Rhondda Cynon Taf Council and health board funding formulas are based on low pay for staff

Increasing the pay of social care workers in the Rhondda so that they earn more than shelf stackers in discount supermarkets is vital to solve the massive recruitment crisis in the sector.

The call from Mario Kreft MBE, the chair of Care Forum Wales, came after a campaign was launched to attract another 20,000 social care workers in Wales over the next 10 years.

Mr Kreft said the nub of the problem was that the funding formulas of local councils and health boards were predicated on paying low wages to staff and that had to change.

He welcomed the WeCare.Wales campaign unveiled by Social Care Wales but warned that more money needed to be found to ensure that care staff could be paid a “decent wage”.

The number of elderly people over the age of 80 is predicted to increase by 44% in Wales by 2030 and there are currently about 113,000 people in the social care sector.

The ageing population in Wales and relatively older workforce are two factors for the increasing demand for care workers in people’s own homes, workers in residential care and more nurses.

Mr Kreft said: “The elephant in the room is that you can be paid more for stacking shelves in a discount supermarket than for being a care worker this.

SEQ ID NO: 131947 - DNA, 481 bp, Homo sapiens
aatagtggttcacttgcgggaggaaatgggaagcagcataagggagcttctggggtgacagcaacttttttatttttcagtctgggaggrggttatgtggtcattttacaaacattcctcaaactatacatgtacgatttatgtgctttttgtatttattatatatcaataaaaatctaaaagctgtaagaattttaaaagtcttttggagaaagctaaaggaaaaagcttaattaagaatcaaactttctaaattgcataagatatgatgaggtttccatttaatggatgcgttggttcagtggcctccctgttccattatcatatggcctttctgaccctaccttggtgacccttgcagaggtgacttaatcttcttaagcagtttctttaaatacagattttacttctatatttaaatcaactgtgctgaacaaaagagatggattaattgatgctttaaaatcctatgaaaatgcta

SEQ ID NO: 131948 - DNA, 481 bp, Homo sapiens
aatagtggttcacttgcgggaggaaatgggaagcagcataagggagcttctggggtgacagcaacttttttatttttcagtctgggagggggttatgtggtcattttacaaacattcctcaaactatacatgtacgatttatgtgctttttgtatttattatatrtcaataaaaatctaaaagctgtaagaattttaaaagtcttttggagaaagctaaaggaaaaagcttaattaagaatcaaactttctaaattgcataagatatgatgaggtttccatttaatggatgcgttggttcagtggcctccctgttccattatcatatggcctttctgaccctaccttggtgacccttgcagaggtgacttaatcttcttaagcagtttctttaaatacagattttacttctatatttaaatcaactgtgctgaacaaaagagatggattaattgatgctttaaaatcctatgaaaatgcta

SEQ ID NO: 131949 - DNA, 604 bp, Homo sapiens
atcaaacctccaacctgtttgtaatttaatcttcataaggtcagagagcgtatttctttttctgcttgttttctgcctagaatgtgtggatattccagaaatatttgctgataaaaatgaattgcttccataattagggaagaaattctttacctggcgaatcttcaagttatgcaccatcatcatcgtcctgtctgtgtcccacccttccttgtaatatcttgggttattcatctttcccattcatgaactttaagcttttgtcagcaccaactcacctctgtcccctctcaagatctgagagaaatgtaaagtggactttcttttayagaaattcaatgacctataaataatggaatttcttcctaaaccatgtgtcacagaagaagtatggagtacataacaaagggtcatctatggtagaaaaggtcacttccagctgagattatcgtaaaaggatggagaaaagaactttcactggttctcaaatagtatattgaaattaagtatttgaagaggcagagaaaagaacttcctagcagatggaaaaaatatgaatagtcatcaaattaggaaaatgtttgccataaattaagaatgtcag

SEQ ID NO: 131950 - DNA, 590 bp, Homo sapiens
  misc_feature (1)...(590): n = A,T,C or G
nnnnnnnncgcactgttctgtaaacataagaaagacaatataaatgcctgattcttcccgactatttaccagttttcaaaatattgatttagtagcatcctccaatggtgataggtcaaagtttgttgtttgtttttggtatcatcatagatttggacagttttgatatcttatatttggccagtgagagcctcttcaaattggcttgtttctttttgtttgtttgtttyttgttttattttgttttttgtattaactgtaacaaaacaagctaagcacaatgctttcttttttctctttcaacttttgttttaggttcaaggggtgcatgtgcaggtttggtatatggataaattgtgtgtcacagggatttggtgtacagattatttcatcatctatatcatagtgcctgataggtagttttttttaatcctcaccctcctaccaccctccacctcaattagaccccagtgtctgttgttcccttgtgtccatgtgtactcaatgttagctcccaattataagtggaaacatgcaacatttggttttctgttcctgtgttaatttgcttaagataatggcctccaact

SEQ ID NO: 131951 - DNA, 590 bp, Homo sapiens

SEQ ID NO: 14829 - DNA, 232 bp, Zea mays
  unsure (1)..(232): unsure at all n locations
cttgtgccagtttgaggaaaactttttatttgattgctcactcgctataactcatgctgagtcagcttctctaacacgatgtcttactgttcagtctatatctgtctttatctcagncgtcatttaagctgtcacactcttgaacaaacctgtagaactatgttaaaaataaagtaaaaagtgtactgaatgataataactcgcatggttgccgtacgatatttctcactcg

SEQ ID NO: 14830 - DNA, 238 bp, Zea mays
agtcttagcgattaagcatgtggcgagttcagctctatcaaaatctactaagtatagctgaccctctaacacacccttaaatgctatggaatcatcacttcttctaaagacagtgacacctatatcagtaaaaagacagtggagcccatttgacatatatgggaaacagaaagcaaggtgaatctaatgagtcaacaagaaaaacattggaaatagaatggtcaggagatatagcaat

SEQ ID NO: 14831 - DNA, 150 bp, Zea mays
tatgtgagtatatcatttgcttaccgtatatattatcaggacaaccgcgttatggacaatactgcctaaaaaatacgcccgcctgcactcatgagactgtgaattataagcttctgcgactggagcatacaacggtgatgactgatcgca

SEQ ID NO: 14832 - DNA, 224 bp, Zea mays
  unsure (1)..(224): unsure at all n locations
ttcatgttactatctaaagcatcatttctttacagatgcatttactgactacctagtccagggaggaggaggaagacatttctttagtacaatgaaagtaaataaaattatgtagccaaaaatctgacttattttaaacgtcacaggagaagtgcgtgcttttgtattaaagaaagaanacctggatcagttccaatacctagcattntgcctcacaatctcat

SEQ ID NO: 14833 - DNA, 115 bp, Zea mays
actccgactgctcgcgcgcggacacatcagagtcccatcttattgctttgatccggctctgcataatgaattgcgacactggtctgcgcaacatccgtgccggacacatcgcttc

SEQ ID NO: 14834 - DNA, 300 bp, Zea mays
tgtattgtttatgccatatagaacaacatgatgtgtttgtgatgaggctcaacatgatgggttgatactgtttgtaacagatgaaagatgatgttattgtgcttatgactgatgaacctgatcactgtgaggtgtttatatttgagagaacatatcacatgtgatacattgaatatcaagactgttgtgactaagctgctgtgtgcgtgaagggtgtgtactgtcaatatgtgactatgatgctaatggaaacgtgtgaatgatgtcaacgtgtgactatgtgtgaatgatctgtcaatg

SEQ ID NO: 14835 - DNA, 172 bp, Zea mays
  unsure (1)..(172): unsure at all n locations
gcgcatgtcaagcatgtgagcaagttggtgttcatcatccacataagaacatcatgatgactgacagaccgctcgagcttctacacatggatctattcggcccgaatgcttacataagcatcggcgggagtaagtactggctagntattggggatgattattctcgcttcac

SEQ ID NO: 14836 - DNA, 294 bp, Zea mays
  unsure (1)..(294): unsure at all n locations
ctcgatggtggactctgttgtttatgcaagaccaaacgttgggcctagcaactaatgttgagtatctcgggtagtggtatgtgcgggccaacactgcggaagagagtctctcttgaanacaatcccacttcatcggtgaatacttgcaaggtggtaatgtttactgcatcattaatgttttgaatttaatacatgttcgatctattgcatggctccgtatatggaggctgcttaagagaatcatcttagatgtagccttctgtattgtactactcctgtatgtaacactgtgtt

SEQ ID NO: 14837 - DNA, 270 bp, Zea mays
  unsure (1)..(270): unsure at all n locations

“We have to raise the awareness of the value of people. We have heard recently the Welsh Government have put in their economic action plan how important social care is to our economy.”

According to Mr Kreft, the issue of how to fund social care as the “challenge of the age” and a proposed social care tax was not the complete answer.

He added: “To their great credit Welsh Government has recently recognised social care as one of the four foundations of the economy, one which pumps £2.2 billion per year into the Welsh economy.

“Social care workers in Wales deserve a better deal. The deal they’ve got is not good enough to sustain the numbers that we’re going to need in the future.

“Local authorities and health boards in Wales actually predicate that more than half of the staff in a care home are on the National Living Wage.

“When you get a qualified highly-skilled care practitioner, they have to be able to sustain a standard of living commensurate with the level of responsibility they have. These are people who have been overlooked.”


Caption: Mario Kreft MBE, Chair of Care of Forum Wales



Alistair Syme

Ceidiog Communication for Care Forum Wales